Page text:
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New U.S. Supercomputers To Break 100 Petaflop Benchmark, Use Nvidia NVlink

By - Source: NVIDIA

U.S. laboratories today announced two new supercomputers. If all goes according to plan, they will become the world’s two fastest supercomputers, beating out China’s Tianhe-2. In fact, both machines are planned to double the previous performance record.

The two supercomputers, dubbed "Summit" and "Sierra," are to be built by the Oak Ridge National Laboratory and the Lawrence Livermore National Laboratory, respectively.

Oak Ridge’s Summit will have a theoretical max performance of 300 petaflops, though consistent performance will fall closer to 150 petaflops. The machine will be available for open science projects. Sierra is expected to deliver over 100 petaflops, and it will be used in Lawrence Livermore’s nuclear security research program.

To put these number in perspective, one petaflop is the ability to make one quadrillion calculations per second. The fastest supercomputer in the U.S., Oak Ridge’s Titan, delivers 27 petaflops of performance, while Tianhe-2 at the National Super Computer Center in China delivers 55 petaflops.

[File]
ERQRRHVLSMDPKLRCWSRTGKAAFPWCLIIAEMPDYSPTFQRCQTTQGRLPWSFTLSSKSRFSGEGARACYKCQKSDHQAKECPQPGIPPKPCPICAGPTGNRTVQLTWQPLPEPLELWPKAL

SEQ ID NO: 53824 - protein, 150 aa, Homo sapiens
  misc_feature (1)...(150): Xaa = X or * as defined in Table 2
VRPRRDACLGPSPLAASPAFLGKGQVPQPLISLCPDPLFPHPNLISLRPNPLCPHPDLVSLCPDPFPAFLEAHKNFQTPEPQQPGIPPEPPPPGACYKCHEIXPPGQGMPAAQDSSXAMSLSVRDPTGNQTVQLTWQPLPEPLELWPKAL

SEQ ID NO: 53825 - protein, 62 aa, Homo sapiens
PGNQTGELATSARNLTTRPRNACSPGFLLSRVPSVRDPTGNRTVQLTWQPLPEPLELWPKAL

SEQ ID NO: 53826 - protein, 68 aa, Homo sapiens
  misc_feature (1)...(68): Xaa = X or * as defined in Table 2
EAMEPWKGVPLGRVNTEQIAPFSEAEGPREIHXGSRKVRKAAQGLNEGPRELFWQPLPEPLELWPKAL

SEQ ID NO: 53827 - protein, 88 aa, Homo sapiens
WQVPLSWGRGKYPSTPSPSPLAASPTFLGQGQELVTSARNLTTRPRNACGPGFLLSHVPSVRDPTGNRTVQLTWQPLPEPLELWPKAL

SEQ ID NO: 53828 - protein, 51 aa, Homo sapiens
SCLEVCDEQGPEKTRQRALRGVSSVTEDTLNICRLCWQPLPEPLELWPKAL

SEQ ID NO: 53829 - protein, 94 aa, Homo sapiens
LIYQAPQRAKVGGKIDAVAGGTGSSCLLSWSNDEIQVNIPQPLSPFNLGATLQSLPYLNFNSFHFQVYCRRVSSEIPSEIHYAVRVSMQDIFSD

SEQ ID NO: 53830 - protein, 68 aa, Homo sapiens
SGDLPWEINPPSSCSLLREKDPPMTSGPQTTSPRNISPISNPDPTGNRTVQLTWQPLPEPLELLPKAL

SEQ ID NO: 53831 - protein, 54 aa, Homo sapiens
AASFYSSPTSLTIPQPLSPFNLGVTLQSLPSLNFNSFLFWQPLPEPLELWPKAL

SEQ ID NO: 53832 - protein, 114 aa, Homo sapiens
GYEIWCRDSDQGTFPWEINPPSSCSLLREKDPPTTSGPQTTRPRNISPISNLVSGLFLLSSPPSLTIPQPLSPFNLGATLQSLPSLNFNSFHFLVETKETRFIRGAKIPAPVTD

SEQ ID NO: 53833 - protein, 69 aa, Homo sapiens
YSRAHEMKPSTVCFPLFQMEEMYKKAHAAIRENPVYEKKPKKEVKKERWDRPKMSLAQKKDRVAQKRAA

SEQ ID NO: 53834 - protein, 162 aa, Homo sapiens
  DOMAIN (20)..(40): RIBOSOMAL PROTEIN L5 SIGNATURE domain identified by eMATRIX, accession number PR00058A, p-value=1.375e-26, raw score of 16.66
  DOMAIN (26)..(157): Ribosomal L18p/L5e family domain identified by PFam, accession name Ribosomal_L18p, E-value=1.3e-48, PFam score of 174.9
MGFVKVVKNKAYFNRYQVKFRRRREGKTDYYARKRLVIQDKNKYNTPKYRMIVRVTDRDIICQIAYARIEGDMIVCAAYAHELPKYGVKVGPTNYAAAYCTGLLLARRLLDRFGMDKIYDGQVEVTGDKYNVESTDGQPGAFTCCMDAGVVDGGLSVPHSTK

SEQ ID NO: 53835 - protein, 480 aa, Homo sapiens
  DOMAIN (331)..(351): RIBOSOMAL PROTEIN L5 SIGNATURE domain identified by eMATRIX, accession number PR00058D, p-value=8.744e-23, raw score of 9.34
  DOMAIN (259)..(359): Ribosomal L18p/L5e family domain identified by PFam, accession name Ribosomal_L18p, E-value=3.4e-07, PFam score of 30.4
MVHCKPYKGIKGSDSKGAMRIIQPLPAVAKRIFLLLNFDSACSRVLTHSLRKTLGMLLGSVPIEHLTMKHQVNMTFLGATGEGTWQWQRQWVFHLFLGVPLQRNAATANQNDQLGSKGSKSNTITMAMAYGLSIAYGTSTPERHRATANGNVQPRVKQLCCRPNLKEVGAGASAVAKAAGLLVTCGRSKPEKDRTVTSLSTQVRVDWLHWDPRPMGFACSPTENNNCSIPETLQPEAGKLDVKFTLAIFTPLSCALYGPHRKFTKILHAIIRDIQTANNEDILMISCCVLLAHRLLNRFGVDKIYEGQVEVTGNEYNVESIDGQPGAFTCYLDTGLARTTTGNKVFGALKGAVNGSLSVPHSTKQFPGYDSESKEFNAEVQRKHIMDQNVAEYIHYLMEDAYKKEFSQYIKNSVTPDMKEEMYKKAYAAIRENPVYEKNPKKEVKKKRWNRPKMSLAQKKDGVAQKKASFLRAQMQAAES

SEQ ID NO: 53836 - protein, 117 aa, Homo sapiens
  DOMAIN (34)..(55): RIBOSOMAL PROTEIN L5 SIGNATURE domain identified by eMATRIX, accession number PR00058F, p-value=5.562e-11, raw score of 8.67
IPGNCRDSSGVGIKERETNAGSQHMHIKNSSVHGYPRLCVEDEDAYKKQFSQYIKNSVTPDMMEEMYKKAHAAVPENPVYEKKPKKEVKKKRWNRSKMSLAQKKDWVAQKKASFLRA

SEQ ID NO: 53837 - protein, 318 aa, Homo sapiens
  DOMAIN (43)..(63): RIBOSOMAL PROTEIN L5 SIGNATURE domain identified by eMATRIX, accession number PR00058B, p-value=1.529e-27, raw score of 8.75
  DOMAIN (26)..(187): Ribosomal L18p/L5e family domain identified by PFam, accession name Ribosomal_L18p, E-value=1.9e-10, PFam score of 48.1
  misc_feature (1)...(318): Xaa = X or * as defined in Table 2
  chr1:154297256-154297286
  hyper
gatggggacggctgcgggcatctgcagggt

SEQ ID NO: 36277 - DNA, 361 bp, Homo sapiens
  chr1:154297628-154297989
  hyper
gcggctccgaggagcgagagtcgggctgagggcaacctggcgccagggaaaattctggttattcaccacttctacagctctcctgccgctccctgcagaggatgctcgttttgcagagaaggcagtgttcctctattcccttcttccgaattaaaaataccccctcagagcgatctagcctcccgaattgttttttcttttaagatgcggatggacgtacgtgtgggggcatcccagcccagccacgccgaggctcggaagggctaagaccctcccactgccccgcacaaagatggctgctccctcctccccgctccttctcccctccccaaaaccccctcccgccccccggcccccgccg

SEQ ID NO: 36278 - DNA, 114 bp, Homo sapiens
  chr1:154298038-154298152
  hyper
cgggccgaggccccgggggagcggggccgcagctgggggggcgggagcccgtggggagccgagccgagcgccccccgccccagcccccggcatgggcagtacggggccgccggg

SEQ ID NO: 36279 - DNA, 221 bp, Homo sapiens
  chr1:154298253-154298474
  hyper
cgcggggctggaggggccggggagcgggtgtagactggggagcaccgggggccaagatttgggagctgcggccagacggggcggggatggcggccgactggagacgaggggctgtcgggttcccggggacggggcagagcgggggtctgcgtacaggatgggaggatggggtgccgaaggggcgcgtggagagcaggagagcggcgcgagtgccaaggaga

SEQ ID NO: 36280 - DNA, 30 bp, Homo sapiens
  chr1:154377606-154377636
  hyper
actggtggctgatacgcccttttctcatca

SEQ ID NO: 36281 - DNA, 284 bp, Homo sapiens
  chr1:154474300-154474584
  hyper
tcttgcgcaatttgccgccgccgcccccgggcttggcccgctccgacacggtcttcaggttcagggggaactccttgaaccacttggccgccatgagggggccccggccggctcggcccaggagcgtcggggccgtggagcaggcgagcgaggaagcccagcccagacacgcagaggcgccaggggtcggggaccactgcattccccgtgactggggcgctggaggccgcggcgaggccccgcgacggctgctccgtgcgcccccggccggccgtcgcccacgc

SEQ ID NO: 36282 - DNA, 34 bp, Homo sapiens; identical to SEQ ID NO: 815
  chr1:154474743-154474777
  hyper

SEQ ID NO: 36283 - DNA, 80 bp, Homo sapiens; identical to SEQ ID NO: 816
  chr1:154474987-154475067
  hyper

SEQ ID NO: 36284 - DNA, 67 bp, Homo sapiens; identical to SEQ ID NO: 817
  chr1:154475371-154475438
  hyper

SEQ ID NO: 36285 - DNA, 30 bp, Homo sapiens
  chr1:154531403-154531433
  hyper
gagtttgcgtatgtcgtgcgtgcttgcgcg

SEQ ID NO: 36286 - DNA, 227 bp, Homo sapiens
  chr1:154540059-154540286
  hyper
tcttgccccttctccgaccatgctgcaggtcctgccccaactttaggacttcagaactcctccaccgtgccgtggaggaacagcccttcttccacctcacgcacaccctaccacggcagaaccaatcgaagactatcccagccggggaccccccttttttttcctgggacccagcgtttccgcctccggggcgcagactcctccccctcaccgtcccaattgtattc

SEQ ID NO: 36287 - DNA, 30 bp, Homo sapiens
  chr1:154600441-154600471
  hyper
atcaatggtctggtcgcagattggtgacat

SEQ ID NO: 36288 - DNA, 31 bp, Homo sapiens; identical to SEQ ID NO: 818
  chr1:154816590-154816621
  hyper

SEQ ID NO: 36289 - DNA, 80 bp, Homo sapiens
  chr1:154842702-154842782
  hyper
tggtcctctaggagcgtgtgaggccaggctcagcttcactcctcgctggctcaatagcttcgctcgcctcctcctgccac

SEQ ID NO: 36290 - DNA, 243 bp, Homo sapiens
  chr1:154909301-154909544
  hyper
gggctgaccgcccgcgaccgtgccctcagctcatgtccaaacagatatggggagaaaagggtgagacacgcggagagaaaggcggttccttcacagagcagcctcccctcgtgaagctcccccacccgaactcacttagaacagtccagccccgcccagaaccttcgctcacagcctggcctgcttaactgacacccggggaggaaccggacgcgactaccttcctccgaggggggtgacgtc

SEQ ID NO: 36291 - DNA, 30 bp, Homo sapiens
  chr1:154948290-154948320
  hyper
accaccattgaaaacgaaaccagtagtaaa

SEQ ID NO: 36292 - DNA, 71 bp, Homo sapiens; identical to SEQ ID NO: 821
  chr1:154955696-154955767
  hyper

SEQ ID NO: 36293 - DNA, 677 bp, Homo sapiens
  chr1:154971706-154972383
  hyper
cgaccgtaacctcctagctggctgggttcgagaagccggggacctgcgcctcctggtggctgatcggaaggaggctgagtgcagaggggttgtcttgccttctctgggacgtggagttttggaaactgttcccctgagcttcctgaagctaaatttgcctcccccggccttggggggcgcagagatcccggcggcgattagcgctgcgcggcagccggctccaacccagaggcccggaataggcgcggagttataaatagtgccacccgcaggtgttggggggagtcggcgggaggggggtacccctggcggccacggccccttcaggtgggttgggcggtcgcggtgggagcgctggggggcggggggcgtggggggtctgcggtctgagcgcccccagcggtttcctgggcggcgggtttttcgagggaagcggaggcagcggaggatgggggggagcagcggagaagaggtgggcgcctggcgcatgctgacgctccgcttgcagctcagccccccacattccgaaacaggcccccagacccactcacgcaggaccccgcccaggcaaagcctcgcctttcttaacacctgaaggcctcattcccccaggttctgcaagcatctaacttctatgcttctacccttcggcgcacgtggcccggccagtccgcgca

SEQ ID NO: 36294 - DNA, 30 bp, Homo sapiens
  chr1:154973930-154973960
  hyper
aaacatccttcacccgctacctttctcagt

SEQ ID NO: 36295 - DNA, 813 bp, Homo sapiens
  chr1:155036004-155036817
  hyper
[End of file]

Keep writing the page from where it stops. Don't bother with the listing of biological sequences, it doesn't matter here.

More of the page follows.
The two machines will be a part of a collaboration between IBM and Nvidia through the OpenPOWER Foundation. The new supercomputers will be built on an IBM POWER server architecture and utilize Nvidia’s Tesla GPU accelerator, as well as new NVLink GPU interconnect technology.

Nvidia’s NVLink will be used for communication between the CPU and GPU. Most GPU to CPU connectors now use PCIe interfaces that can limit bandwidth, particularly when multiple GPUs are used through a PCIe switch. NVLink aims to provide up to 200 Gb per second of bandwidth, effectively eliminating any restrictions to accessing CPU memory from the GPU.

Nvidia also plans on having the Volta GPU architecture as an integral part of the supercomputers. Volta features a stacked DRAM design, and according to Nvidia, could deliver up to 1 TB per second of bandwidth.

"Scientists are tackling massive challenges from quantum to global to galactic scales. Their work relies on increasingly more powerful supercomputers," said Jen-Hsun Huang, CEO and co-founder of NVIDIA. "Through the invention of GPU acceleration, we have paved the path to exascale supercomputing -- giving scientists a tool for unimaginable discoveries."

For more information on NVIDIA’s GPU technology head to High Performance Computing page.